Amit Puntambekar and the team at Ash’s Shop in Cambridgeshire have picked up the Small Convenience Store of the Year award. We take a look inside his perfectly-formed store, just don’t call it an Aladdin’s Cave!
The store underwent a refit and Amit used this as an opportunity to create a more forensic approach to retailing. “Everything we do is data driven, whether that be SKU allocation, size of the range, facings. We operate in a business that typically operates on lower margins, this means every product, every shelf has to be earning its right to be on the shelf.
“With the huge extended fresh food range, we had to really dig into which products were not performing, and which ones were, as we were losing a huge percent of our ambient shelving. We also moved to a simpler ranging model based on own label, rather than being led by brands. Typically we look at ‘Own Label Value’, ‘Own Label Premium’, this offers the customer superior value and the rise of the German discounters has given consumers more confidence in purchasing own label products.”
He lists out the footfall drivers that makes the store stand out, such as bakery, tango, and coffee machine. The store’s tango ice blast acts as a particular foot fall driver, with some customer driving up to 25 minutes just to collect one. This year, Amit started working with a vape supplier, bringing a vape floor stand next to the till. Amit has also trialled limited time special products such as planet doughnuts, who he brings in once a month to create an ‘atmosphere’, and a buzz on social media.
He explains that the goal isn’t to be an ‘Aladdin’s Cave’ but rather to encourage customers to come in, and think they can purchase everything they need for a 1-2 day shopping mission, or meal for tonight. To help with this mindset, Amit has built the store’s range in accordance with those values and as a result, average basket spend has risen £2.
Amit says that even though a strong ambient side is important, he has seen that the customer wants fresh food, so he delivers this in two different formats, take home, or impulse.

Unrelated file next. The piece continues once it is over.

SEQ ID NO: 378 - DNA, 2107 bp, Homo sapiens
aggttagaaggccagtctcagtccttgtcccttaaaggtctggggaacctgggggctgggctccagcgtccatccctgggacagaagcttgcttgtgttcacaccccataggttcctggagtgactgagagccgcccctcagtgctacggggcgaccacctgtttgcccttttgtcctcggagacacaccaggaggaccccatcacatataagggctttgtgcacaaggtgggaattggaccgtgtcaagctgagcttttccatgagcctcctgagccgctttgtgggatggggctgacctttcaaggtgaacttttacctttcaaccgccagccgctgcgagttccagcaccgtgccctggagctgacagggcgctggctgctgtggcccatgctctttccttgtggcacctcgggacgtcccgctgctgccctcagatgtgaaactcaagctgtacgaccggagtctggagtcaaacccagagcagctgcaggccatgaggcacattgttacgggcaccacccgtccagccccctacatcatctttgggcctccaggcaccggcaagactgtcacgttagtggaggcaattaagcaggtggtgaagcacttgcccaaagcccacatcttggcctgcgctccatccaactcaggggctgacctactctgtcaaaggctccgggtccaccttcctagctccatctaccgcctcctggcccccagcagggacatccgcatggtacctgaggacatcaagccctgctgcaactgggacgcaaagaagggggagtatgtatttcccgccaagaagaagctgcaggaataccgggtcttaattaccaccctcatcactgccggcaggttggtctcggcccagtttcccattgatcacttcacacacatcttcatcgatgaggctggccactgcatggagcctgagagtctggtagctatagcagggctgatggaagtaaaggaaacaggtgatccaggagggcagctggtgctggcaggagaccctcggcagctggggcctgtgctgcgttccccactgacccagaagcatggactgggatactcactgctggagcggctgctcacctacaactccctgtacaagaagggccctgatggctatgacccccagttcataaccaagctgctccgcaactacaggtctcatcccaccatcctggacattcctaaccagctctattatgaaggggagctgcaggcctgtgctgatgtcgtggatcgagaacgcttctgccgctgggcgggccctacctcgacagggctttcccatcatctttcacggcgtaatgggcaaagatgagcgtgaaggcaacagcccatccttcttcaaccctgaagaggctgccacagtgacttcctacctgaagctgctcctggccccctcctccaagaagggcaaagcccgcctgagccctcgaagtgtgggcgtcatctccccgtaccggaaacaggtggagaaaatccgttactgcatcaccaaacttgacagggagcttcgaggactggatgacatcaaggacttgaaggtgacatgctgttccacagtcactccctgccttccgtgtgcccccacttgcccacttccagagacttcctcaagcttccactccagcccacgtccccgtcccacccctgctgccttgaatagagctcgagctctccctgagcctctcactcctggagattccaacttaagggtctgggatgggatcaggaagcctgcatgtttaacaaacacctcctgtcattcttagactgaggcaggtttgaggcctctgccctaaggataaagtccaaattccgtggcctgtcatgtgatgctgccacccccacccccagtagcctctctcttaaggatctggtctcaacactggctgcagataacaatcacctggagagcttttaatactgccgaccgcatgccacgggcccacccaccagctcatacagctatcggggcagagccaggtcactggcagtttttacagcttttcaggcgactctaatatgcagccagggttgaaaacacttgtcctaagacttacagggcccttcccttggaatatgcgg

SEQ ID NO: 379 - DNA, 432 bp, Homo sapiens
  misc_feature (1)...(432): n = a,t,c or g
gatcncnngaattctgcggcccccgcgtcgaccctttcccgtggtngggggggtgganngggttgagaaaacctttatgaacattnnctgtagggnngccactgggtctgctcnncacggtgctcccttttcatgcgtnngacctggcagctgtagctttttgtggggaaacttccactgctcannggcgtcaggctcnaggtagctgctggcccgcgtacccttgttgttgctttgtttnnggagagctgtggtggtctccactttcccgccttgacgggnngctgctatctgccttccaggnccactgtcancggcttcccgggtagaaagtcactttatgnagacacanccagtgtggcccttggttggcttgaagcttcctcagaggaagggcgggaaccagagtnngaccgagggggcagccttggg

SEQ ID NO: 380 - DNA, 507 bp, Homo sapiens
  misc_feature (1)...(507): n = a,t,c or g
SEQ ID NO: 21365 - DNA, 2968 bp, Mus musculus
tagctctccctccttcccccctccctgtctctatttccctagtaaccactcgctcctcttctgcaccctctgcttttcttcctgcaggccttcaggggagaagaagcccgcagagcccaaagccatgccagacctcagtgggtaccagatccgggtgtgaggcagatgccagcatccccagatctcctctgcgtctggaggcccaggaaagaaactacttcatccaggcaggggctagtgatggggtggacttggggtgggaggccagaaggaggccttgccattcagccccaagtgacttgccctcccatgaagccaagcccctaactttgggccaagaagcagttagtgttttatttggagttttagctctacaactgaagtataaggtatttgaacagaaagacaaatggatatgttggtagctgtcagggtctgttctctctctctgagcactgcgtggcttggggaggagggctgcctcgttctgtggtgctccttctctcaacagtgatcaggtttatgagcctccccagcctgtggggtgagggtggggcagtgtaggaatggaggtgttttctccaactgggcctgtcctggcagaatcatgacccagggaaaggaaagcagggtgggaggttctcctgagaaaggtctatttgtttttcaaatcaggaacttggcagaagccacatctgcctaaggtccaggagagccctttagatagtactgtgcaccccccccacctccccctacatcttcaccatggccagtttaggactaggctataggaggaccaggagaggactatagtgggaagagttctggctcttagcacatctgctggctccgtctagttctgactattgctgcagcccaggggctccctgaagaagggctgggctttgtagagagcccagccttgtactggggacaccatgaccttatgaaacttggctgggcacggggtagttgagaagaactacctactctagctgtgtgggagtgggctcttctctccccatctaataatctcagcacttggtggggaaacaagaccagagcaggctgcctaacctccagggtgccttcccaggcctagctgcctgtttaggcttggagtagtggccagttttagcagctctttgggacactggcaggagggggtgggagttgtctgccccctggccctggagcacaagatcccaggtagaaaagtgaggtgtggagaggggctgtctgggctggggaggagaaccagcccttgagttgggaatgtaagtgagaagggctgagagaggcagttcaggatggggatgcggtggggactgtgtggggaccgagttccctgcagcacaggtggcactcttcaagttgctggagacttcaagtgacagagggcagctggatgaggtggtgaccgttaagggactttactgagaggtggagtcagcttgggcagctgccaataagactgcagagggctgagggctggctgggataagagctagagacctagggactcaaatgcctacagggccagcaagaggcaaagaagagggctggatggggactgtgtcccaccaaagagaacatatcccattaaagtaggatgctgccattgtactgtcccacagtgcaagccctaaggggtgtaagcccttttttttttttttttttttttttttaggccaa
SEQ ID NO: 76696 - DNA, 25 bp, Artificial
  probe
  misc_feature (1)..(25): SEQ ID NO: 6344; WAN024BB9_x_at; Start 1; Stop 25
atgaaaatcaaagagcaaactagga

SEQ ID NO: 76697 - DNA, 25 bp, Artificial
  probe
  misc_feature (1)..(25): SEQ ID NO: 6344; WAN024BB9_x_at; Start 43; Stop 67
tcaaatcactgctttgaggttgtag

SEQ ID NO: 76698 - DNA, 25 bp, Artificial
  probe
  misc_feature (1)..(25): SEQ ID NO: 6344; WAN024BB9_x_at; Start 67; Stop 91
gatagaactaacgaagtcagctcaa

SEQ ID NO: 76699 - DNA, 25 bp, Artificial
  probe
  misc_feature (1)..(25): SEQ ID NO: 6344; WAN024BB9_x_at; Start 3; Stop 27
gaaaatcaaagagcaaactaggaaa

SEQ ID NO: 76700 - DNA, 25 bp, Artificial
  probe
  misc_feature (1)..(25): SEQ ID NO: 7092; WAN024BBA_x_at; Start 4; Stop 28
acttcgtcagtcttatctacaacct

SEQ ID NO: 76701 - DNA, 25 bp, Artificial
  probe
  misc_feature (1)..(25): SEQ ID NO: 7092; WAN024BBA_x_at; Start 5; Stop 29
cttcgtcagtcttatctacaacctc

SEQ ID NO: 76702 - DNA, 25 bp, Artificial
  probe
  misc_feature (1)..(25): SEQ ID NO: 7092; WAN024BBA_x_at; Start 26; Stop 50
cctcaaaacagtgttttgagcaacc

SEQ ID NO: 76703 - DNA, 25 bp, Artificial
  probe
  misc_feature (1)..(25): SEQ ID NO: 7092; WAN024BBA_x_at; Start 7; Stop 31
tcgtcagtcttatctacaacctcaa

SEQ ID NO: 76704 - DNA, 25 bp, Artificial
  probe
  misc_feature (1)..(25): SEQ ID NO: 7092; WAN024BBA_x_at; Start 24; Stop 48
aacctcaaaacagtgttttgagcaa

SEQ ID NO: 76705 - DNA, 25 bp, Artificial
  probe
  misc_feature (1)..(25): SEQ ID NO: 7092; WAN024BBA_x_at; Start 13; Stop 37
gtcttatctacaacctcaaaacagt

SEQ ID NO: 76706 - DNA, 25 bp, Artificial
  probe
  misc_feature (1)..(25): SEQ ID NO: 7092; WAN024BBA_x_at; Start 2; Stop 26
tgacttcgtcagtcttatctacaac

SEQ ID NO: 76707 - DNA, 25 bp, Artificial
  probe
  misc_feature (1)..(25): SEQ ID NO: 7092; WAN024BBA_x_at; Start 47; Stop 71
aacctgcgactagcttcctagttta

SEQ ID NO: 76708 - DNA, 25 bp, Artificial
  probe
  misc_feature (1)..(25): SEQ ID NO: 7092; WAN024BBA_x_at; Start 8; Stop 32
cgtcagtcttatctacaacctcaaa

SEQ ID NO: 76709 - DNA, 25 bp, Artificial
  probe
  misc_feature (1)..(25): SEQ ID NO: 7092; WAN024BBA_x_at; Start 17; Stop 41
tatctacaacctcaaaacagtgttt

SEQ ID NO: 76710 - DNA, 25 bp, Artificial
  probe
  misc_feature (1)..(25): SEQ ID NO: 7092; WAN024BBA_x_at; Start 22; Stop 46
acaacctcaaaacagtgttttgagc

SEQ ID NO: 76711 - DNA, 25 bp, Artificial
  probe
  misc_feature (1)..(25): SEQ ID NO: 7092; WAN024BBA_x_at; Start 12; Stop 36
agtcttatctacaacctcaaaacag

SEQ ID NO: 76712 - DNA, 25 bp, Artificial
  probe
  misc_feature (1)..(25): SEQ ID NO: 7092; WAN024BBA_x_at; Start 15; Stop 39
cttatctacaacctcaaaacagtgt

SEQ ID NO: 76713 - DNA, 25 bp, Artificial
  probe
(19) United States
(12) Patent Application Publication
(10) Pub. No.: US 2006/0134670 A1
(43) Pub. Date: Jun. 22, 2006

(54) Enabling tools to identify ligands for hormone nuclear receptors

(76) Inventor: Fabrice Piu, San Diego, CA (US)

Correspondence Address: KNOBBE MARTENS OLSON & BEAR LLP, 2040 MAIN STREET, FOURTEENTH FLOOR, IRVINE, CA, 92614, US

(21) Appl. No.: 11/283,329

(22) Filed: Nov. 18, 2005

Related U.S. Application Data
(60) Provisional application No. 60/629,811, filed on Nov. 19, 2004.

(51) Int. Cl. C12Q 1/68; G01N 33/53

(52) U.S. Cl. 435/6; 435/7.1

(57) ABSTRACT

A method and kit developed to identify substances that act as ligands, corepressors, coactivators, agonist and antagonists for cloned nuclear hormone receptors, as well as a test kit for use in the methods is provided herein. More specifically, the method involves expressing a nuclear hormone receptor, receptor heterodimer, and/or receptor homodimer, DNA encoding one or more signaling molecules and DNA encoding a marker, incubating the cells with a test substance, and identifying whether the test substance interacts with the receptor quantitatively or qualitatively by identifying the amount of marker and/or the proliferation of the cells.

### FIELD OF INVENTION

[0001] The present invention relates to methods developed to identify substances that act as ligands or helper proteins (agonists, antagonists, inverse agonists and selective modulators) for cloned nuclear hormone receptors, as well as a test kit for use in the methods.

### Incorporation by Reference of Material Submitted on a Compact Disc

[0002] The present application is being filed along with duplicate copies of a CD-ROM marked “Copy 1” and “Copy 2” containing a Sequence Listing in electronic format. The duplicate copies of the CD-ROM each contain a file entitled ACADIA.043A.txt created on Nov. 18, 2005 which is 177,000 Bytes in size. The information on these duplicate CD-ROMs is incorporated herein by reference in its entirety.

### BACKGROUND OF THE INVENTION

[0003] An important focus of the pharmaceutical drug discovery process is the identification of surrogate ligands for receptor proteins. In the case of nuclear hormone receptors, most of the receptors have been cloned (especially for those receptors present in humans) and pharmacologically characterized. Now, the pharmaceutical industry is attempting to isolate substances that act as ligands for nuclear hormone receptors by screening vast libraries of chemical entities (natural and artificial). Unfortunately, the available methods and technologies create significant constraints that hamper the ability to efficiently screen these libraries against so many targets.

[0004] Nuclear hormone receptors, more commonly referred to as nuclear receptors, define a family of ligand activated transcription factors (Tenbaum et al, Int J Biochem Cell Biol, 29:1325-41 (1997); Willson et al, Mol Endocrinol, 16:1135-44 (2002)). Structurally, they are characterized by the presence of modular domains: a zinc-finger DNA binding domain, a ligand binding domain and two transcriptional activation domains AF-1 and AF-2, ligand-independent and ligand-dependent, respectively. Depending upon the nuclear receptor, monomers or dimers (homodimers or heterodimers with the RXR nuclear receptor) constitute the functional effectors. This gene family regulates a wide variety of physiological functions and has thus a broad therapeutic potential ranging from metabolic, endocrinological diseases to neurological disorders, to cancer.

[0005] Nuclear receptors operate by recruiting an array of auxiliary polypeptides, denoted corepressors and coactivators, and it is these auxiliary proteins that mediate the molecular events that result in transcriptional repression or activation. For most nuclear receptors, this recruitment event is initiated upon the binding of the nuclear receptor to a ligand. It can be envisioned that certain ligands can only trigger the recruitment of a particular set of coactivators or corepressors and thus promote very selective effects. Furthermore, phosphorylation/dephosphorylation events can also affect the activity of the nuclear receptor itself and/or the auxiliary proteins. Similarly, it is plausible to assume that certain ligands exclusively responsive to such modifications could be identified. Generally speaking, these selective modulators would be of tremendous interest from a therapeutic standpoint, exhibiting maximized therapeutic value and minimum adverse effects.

As part of the store’s recent changes, Amit and the team decided to shift the layout to make shoppers feel more comfortable. “One key aspect for us when it came to organising the store, was giving customers the freedom to move around, and creating appropriate floor space. Previously we had long aisles which meant the customers had to walk around, however we created a nice gap through the middle aisles, and used a lower shelving profile to create a sense of freedom, and space.”
Even though the store has won the Small Convenience Store of the Year category, Amit insists that this is still crucial. “This is just as important as getting the product layout right in a smaller unit, as the customer can reach sections quicker, and in a ‘covid world’ has been fantastic at giving customers that additional bit of space.”
Amit explains how shopping habits have changed when it comes to categories like confectionery.
“Significant market leaders such as Cadbury, Rowntree and Haribo are impossible to ignore so we highlighted them and made their products the stand outs in the category. Something we had noticed happening in our business several years ago, was the transition from impulse to share bags, we decided to take a risk and commit 50% of our confectionery range to hanging bags, which are on automated push feeds. Within this category market leaders such as Cadbury holds over 40% of the space, but we also keep other brands block merchandised and group within their appropriate section, such as chocolate, sugar or sweet). We do still cater towards the impulse market within confectionery, but customers are seemingly going towards block chocolate as it is a better value option.”
Confectionery isn’t the only category where Amit’s customers are trading up. He’s experienced customers looking to more premium alcohol lines and has upgraded his range to match.
“Currently, we are working on our spirit range, previously we had been big whiskey sellers, however with changing demographics we had noticed a downward trend. We had made our refit in accordance with these trends but have noticed a different type of consumer using our business since our refit, now we are growing premium gins, whiskey, and vodka selections. Using data we have slowly been removing slow wine sellers, and creating space where the customer can physically handle and look at these premium products.”